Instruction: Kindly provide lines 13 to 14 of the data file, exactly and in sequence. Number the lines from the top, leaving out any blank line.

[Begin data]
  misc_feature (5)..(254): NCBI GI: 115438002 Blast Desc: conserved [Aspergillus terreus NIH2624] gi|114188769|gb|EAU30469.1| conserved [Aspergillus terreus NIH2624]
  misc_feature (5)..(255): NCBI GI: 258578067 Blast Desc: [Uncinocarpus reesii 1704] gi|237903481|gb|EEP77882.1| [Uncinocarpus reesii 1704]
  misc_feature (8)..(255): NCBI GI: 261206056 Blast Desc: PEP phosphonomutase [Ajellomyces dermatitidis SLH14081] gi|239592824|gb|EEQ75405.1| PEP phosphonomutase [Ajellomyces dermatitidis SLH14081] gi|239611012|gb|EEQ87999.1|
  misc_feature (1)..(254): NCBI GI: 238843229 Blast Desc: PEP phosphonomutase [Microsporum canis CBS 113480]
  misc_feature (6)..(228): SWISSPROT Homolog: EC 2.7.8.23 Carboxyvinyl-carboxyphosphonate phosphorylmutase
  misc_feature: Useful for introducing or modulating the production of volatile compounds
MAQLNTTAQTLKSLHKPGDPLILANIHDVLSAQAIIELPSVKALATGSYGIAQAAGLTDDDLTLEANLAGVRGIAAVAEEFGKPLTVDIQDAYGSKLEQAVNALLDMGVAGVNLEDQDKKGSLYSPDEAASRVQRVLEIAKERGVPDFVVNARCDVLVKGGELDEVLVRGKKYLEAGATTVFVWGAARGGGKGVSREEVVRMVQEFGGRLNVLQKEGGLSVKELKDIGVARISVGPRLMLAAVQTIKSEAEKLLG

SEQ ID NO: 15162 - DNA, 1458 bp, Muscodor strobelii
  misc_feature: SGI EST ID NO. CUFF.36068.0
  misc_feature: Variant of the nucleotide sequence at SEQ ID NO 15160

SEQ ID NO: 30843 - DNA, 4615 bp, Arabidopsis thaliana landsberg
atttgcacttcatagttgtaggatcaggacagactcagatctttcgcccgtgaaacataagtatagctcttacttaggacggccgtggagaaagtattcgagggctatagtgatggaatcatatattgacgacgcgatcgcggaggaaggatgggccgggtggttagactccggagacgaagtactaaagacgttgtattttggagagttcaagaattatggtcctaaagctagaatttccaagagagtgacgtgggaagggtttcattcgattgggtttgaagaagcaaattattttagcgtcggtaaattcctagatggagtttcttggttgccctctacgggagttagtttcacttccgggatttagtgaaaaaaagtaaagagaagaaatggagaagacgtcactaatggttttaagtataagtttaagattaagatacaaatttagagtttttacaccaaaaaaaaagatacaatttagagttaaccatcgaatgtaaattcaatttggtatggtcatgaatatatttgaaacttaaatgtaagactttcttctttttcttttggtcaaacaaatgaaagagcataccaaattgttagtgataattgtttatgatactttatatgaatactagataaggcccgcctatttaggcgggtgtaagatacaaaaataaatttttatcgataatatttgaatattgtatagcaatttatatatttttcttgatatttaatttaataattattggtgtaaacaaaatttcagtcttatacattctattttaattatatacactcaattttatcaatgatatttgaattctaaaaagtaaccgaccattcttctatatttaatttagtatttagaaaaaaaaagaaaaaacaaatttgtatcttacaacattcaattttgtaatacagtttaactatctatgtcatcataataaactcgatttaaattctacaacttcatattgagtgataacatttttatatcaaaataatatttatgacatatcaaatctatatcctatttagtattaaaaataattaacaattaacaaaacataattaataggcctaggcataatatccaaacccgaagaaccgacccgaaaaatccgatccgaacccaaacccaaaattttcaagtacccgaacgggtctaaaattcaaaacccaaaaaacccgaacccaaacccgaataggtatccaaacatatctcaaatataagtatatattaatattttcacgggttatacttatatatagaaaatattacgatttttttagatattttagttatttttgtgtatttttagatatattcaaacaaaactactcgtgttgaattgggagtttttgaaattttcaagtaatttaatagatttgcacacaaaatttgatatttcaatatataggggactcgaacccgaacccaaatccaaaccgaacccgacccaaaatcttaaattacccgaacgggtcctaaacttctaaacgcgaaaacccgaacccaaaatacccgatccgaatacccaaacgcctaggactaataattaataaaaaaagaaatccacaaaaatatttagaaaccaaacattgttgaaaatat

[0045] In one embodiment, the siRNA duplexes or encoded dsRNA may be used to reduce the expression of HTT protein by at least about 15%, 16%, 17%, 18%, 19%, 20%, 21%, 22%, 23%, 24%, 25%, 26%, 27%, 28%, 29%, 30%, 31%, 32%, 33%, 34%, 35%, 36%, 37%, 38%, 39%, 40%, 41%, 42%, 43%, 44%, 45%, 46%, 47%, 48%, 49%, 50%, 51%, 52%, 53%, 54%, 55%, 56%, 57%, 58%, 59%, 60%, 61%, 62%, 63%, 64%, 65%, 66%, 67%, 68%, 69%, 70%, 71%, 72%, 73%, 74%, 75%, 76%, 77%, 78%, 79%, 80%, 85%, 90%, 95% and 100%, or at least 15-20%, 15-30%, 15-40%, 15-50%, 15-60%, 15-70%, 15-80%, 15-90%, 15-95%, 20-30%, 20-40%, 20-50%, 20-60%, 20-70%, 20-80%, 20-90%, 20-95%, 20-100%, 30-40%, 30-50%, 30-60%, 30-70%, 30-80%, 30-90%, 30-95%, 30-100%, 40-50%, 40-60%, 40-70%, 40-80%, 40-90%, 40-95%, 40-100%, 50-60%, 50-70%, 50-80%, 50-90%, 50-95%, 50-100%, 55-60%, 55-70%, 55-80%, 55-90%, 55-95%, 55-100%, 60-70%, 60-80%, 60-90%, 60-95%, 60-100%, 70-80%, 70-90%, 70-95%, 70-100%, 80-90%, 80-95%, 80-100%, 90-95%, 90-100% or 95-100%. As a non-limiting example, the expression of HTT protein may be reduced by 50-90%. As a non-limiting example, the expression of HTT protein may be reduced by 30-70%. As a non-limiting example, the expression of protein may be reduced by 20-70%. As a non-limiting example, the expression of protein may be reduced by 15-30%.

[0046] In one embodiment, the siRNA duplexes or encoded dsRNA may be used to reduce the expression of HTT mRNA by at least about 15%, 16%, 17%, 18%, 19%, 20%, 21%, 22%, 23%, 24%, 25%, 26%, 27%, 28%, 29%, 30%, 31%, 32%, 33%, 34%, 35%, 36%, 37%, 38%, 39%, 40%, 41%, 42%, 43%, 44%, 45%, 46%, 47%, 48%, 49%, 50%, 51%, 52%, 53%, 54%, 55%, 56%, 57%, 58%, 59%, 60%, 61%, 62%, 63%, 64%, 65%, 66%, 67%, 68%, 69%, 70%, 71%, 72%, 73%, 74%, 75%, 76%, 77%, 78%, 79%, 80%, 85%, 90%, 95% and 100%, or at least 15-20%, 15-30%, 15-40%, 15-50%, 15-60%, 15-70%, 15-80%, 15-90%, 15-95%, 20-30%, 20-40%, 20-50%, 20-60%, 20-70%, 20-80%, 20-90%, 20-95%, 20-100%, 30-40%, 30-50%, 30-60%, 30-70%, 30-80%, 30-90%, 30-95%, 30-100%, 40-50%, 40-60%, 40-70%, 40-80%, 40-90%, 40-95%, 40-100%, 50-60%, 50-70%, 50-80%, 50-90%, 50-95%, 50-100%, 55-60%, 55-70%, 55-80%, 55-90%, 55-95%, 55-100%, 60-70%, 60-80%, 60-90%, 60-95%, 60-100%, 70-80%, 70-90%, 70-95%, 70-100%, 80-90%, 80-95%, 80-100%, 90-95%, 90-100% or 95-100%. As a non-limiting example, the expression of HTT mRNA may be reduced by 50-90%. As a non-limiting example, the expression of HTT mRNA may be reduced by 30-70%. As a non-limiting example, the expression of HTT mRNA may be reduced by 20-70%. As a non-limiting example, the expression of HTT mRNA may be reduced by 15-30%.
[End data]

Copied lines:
[0045] In one embodiment, the siRNA duplexes or encoded dsRNA may be used to reduce the expression of HTT protein by at least about 15%, 16%, 17%, 18%, 19%, 20%, 21%, 22%, 23%, 24%, 25%, 26%, 27%, 28%, 29%, 30%, 31%, 32%, 33%, 34%, 35%, 36%, 37%, 38%, 39%, 40%, 41%, 42%, 43%, 44%, 45%, 46%, 47%, 48%, 49%, 50%, 51%, 52%, 53%, 54%, 55%, 56%, 57%, 58%, 59%, 60%, 61%, 62%, 63%, 64%, 65%, 66%, 67%, 68%, 69%, 70%, 71%, 72%, 73%, 74%, 75%, 76%, 77%, 78%, 79%, 80%, 85%, 90%, 95% and 100%, or at least 15-20%, 15-30%, 15-40%, 15-50%, 15-60%, 15-70%, 15-80%, 15-90%, 15-95%, 20-30%, 20-40%, 20-50%, 20-60%, 20-70%, 20-80%, 20-90%, 20-95%, 20-100%, 30-40%, 30-50%, 30-60%, 30-70%, 30-80%, 30-90%, 30-95%, 30-100%, 40-50%, 40-60%, 40-70%, 40-80%, 40-90%, 40-95%, 40-100%, 50-60%, 50-70%, 50-80%, 50-90%, 50-95%, 50-100%, 55-60%, 55-70%, 55-80%, 55-90%, 55-95%, 55-100%, 60-70%, 60-80%, 60-90%, 60-95%, 60-100%, 70-80%, 70-90%, 70-95%, 70-100%, 80-90%, 80-95%, 80-100%, 90-95%, 90-100% or 95-100%. As a non-limiting example, the expression of HTT protein may be reduced by 50-90%. As a non-limiting example, the expression of HTT protein may be reduced by 30-70%. As a non-limiting example, the expression of protein may be reduced by 20-70%. As a non-limiting example, the expression of protein may be reduced by 15-30%.

[0046] In one embodiment, the siRNA duplexes or encoded dsRNA may be used to reduce the expression of HTT mRNA by at least about 15%, 16%, 17%, 18%, 19%, 20%, 21%, 22%, 23%, 24%, 25%, 26%, 27%, 28%, 29%, 30%, 31%, 32%, 33%, 34%, 35%, 36%, 37%, 38%, 39%, 40%, 41%, 42%, 43%, 44%, 45%, 46%, 47%, 48%, 49%, 50%, 51%, 52%, 53%, 54%, 55%, 56%, 57%, 58%, 59%, 60%, 61%, 62%, 63%, 64%, 65%, 66%, 67%, 68%, 69%, 70%, 71%, 72%, 73%, 74%, 75%, 76%, 77%, 78%, 79%, 80%, 85%, 90%, 95% and 100%, or at least 15-20%, 15-30%, 15-40%, 15-50%, 15-60%, 15-70%, 15-80%, 15-90%, 15-95%, 20-30%, 20-40%, 20-50%, 20-60%, 20-70%, 20-80%, 20-90%, 20-95%, 20-100%, 30-40%, 30-50%, 30-60%, 30-70%, 30-80%, 30-90%, 30-95%, 30-100%, 40-50%, 40-60%, 40-70%, 40-80%, 40-90%, 40-95%, 40-100%, 50-60%, 50-70%, 50-80%, 50-90%, 50-95%, 50-100%, 55-60%, 55-70%, 55-80%, 55-90%, 55-95%, 55-100%, 60-70%, 60-80%, 60-90%, 60-95%, 60-100%, 70-80%, 70-90%, 70-95%, 70-100%, 80-90%, 80-95%, 80-100%, 90-95%, 90-100% or 95-100%. As a non-limiting example, the expression of HTT mRNA may be reduced by 50-90%. As a non-limiting example, the expression of HTT mRNA may be reduced by 30-70%. As a non-limiting example, the expression of HTT mRNA may be reduced by 20-70%. As a non-limiting example, the expression of HTT mRNA may be reduced by 15-30%.